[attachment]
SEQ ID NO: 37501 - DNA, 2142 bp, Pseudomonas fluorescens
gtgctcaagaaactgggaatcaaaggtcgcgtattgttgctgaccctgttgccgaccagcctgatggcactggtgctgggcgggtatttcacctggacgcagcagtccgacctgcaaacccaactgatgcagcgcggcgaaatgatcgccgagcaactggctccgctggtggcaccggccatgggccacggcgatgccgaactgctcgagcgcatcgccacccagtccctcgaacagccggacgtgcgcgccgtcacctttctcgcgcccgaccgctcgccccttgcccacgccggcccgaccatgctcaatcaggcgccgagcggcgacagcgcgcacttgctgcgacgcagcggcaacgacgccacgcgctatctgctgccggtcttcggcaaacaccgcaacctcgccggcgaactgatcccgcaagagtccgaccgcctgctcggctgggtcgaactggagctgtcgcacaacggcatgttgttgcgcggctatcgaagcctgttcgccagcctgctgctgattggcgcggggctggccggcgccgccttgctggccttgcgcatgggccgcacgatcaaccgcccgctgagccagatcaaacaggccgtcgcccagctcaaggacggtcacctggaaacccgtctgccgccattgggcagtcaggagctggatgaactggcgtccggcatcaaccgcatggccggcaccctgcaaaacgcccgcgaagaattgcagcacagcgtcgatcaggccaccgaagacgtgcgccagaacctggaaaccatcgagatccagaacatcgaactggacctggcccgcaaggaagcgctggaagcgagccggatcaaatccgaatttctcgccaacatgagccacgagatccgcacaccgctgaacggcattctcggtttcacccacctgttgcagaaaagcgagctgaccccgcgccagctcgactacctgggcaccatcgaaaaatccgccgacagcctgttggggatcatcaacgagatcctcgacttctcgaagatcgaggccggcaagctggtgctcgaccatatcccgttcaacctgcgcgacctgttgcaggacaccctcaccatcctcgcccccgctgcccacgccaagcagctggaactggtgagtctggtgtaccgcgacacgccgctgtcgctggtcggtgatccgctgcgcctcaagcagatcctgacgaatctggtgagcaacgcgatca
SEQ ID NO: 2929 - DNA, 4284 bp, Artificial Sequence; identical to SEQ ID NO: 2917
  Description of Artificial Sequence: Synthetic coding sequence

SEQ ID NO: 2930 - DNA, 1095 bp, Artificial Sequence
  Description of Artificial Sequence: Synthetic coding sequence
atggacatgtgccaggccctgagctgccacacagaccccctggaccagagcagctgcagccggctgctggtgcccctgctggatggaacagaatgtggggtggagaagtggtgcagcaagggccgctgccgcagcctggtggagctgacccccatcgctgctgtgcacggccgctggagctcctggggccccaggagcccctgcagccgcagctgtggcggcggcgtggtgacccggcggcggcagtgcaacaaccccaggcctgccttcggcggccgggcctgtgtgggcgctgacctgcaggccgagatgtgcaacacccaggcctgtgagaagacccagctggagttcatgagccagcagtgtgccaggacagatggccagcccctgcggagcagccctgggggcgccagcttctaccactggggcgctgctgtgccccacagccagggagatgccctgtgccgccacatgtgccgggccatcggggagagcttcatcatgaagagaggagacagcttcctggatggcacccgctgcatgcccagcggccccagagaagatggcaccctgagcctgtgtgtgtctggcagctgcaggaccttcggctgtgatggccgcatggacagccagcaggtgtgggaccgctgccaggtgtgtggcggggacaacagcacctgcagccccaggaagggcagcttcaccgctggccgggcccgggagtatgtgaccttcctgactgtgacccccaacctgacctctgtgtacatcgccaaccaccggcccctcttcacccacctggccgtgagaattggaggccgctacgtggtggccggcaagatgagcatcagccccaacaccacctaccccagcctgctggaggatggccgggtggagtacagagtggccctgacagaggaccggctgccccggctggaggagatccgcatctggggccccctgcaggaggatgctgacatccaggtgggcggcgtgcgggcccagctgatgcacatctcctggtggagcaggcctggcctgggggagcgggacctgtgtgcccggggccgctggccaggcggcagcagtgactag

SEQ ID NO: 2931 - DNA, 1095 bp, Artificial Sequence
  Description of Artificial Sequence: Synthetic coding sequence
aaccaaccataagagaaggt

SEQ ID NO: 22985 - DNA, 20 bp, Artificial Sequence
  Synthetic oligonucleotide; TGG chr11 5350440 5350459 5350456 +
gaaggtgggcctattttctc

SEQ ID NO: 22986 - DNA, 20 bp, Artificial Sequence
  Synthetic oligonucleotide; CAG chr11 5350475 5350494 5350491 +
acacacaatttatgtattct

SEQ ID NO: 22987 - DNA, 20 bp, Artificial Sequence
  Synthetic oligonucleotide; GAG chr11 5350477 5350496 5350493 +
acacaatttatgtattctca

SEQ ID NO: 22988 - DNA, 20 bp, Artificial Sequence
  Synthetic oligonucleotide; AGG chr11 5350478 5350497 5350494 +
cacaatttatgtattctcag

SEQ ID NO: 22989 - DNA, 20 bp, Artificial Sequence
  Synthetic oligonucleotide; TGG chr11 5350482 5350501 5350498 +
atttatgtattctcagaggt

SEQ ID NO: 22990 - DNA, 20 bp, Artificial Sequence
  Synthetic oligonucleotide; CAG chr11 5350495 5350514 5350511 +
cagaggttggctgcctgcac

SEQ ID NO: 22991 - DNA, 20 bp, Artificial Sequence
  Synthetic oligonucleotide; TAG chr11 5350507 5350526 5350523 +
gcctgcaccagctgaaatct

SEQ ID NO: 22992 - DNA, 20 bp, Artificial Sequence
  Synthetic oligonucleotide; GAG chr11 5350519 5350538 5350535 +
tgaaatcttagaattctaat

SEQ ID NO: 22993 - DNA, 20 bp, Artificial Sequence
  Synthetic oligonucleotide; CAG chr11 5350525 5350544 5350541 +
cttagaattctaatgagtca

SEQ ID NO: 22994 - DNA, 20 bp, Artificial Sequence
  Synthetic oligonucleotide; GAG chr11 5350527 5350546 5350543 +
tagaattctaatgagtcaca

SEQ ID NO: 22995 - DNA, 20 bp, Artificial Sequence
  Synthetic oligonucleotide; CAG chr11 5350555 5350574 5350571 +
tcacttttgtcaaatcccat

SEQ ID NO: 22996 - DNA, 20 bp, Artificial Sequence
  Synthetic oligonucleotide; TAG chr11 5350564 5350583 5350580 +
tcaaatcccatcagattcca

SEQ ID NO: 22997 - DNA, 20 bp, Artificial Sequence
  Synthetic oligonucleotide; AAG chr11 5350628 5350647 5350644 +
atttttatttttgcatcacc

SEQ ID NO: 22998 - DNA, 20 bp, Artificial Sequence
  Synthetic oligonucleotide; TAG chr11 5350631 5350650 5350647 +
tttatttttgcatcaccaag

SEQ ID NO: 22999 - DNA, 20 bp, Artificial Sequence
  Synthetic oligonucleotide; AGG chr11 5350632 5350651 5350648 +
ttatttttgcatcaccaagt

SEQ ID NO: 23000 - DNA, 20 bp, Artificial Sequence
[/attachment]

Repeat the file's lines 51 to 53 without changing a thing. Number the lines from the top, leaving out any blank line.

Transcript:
  Synthetic oligonucleotide; TAG chr11 5350631 5350650 5350647 +
tttatttttgcatcaccaag

SEQ ID NO: 22999 - DNA, 20 bp, Artificial Sequence